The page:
Jun 18, 2012

Publishing History, Keats' Ode to a Nightingale


Wentworth Place
Photo © Jonathan Brennan
Spring came earlier in 1819 and flocks of birds arrived in England some weeks before they normally do. Perhaps one was the nightingale which nested near Wentworth Place and helped inspire this great poem. It's believed to be the second of the five odes Keats composed that year, written most likely in May. His friend Charles Brown recalled that:
Video © Paul Hackett

"... Keats felt a tranquil and continual joy in her song; and one morning he took his chair from the breakfast-table to the grass plot under a plum-tree, where he sat for two or three hours."

Benjamin Haydon, another friend of Keats was given a copy, he shared it with the editor of The Annals of Fine Arts and it was published in July's edition, earning Keats a small sum.

It made a second appearance in 1820 but this time in book-format along with Lamia, Isabella, The Eve of St. Agnes, and other poems.


Sources

"Ode to a Nightingale." Wikipedia, the free encyclopedia. N.p., n.d. Web. 3 June 2012. <http://en.wikipedia.org/wiki/Ode_to_a_Nightingale>.

"Ode to a Nightingale by John Keats." EnglishHistory.net. N.p., n.d. Web. 3 June 2012. <http://englishhistory.net/keats/poetry/odetoanightingale.html>.

1 comment

JaneGS said...

For as long as I have loved this poem, I've never heard a nightingale before. It's so nice to think of the peace that watching this bird brought to Keats as described by Brown.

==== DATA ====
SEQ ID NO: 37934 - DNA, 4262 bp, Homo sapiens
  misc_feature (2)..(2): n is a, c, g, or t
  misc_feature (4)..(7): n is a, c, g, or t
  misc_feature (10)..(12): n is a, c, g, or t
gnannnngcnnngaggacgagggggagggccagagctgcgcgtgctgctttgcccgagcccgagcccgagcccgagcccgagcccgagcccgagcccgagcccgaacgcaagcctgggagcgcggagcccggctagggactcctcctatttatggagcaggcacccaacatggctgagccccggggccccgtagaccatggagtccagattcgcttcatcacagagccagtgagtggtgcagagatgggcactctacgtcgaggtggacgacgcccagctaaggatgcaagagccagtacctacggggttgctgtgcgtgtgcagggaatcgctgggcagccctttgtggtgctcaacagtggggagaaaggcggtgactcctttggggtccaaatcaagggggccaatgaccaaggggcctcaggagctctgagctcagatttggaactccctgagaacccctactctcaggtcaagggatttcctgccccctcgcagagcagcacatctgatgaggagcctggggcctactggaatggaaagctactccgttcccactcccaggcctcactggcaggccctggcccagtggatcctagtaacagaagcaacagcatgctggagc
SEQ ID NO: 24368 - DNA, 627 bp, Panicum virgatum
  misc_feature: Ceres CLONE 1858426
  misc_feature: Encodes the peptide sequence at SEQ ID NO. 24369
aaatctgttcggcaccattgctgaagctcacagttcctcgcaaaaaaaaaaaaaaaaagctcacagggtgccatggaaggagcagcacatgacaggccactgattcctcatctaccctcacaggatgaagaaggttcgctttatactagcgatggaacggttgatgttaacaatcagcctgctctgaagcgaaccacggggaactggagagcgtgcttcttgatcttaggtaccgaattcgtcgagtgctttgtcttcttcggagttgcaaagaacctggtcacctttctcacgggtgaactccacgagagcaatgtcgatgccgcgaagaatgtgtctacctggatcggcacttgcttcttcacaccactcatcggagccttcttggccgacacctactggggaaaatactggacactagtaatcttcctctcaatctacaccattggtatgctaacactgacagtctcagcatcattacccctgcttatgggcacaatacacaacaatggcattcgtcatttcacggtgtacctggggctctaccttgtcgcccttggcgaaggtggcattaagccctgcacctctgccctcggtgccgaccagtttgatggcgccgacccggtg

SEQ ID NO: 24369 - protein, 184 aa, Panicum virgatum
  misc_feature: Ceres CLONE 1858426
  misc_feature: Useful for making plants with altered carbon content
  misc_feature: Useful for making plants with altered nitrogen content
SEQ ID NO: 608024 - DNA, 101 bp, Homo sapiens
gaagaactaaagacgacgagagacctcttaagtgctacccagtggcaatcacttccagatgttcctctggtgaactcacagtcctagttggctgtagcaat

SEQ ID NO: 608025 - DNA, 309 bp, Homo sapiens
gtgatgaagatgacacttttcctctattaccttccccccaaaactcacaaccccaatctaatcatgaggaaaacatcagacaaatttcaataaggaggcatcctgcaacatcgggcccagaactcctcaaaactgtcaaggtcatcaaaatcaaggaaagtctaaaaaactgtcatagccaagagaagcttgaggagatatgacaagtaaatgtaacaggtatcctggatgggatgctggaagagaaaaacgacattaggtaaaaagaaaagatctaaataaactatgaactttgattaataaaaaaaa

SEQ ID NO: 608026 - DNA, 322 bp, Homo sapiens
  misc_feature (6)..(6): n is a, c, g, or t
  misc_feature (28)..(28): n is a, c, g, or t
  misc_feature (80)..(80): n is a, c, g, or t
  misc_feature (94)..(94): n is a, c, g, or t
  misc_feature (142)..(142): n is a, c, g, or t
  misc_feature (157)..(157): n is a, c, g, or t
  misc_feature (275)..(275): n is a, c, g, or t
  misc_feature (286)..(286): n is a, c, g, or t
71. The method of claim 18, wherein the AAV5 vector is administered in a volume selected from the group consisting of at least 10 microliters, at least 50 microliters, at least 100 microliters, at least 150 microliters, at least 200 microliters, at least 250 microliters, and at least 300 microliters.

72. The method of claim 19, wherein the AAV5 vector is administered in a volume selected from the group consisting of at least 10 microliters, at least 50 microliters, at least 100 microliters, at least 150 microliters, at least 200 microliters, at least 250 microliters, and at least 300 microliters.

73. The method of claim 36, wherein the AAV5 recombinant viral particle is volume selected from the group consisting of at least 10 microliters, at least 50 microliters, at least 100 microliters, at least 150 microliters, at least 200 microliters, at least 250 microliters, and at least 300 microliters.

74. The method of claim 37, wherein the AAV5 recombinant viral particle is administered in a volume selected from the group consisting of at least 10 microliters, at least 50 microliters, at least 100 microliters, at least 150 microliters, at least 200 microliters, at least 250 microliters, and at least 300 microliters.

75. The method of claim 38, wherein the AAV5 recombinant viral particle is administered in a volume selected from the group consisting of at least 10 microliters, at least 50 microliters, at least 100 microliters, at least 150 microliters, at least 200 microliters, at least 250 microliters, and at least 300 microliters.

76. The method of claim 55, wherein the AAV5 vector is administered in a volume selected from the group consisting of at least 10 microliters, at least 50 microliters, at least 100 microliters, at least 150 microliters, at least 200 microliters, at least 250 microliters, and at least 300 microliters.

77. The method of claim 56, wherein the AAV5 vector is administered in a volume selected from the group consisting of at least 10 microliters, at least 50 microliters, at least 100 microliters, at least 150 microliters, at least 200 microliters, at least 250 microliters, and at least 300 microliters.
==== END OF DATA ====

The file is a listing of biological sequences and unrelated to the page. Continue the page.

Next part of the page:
Jun 18, 2012

Publishing History, Keats' Ode to a Nightingale


Wentworth Place
Photo © Jonathan Brennan
Spring came earlier in 1819 and flocks of birds arrived in England some weeks before they normally do. Perhaps one was the nightingale which nested near Wentworth Place and helped inspire this great poem. It's believed to be the second of the five odes Keats composed that year, written most likely in May. His friend Charles Brown recalled that:
Video © Paul Hackett

"... Keats felt a tranquil and continual joy in her song; and one morning he took his chair from the breakfast-table to the grass plot under a plum-tree, where he sat for two or three hours."

Benjamin Haydon, another friend of Keats was given a copy, he shared it with the editor of The Annals of Fine Arts and it was published in July's edition, earning Keats a small sum.

It made a second appearance in 1820 but this time in book-format along with Lamia, Isabella, The Eve of St. Agnes, and other poems.


Sources

"Ode to a Nightingale." Wikipedia, the free encyclopedia. N.p., n.d. Web. 3 June 2012. <http://en.wikipedia.org/wiki/Ode_to_a_Nightingale>.

"Ode to a Nightingale by John Keats." EnglishHistory.net. N.p., n.d. Web. 3 June 2012. <http://englishhistory.net/keats/poetry/odetoanightingale.html>.

1 comment:

JaneGS said...

For as long as I have loved this poem, I've never heard a nightingale before. It's so nice to think of the peace that watching this bird brought to Keats as described by Brown.

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Maira Gall